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The Kiwi to Move Up Some More? – June 22, 2010

Like what I said in my previous blog about the NZDUSD pair last June 17, the could be a short term buy on it. At that time, the pair had already broken out from a double bottom pattern. It then continued to consolidate within a symmetrical triangle before breaking out again. Furthermore, it also gapped up to begin this week’s trading. Presently, the pair is trading around 0.7100. However, I think that the New Zealand dollar will pare some of its gains over the greenback for awhile and consolidate probably within some continuation pattern (triangle or box) or even retrace given its overbought conditions before moving up again. If it slips, it could fall back to the bottom of this week’s gap before making a move towards its minimum upside target just above 0.7200.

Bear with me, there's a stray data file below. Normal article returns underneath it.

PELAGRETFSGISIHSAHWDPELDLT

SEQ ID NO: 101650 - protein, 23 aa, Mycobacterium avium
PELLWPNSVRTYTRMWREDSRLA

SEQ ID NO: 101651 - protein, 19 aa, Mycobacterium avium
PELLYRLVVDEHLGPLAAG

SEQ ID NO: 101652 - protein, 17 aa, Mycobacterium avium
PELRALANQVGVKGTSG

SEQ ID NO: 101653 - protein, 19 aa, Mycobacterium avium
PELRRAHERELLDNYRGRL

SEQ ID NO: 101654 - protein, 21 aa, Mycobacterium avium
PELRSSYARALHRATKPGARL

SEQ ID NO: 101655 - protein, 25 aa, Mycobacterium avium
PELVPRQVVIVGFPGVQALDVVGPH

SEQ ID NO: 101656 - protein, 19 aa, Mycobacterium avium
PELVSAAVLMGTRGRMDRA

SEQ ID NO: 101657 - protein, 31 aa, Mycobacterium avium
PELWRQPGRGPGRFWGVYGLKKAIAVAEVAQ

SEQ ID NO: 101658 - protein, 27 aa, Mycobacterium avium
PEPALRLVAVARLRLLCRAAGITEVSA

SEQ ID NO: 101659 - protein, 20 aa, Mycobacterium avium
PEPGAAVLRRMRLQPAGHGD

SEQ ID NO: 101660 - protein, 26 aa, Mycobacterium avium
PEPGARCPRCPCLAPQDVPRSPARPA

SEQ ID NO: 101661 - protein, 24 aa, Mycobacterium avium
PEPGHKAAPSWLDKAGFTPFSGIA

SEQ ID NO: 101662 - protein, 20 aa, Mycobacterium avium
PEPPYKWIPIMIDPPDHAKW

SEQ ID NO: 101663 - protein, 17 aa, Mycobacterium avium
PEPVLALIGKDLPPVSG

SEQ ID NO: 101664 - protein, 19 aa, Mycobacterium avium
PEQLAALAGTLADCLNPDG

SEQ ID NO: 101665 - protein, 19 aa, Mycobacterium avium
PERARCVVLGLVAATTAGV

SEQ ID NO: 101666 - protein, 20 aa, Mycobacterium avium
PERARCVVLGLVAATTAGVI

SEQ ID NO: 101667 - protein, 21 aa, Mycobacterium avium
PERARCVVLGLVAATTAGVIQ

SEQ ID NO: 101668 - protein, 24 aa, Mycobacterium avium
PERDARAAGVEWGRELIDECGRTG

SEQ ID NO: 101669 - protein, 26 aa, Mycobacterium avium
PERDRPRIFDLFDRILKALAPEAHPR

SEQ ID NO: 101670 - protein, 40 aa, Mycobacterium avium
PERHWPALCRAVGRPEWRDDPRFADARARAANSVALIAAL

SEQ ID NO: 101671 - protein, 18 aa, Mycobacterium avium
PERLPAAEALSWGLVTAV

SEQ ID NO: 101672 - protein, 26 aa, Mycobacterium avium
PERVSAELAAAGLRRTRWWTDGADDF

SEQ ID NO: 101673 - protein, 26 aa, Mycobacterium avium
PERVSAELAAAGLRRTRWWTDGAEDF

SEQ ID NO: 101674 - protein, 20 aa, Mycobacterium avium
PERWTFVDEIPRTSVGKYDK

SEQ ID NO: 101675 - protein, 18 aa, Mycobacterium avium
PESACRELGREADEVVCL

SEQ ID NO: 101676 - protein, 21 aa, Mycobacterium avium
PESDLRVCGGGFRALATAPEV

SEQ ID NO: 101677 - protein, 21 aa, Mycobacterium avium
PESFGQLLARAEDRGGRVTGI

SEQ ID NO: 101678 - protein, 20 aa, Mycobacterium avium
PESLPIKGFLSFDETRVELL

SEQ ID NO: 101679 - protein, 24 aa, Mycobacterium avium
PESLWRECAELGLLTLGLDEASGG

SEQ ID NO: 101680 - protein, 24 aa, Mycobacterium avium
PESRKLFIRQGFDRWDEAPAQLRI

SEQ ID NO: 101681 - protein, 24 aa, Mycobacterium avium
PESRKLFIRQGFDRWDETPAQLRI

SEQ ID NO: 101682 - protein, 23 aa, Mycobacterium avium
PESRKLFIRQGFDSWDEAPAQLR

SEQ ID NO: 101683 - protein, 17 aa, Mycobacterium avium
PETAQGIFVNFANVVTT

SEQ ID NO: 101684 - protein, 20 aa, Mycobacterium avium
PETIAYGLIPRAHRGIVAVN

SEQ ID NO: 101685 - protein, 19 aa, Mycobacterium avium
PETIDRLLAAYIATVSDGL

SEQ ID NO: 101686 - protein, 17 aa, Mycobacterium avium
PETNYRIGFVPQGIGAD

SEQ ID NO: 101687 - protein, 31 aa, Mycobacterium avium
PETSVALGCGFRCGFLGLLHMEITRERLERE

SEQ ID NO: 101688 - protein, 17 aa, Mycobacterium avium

Fundamentally, news that China will shift its currency policy from being fixed and pegged to the USD to a more market oriented one sent the higher yielding currencies higher and the US dollar weaker during for the most part of yesterday’s trading. However, the early rally was not sustained and the Kiwi manged to close only with a modest gain. In any case, the forecasted improvement in New Zealand’s current account balance from -NZ$3.57 billion to 0nly -NZ$ 0.30 billion could support the NZD. The result of this will be billed tomorrow. However, today’s big time economic updates from the euro zone, Canada, and the US could definitely sway the currency’s valuation especially if there are any deviations between the actual result and the market’s forecast. Germany will report the latest result of the Ifo business climate survey which is seen to cool off a bit to 101.2 from 101. while Canada is set to release its inflation figures for the month of May with its headline number projected to print a modest 0.1% gain from last month’s 0.3%. The US, on the other hand, is anticip[ating a 6.17M number from its May exiting home sales. An upside from any of these accounts would likely spur some risk taking which would consequently lift the NZD.

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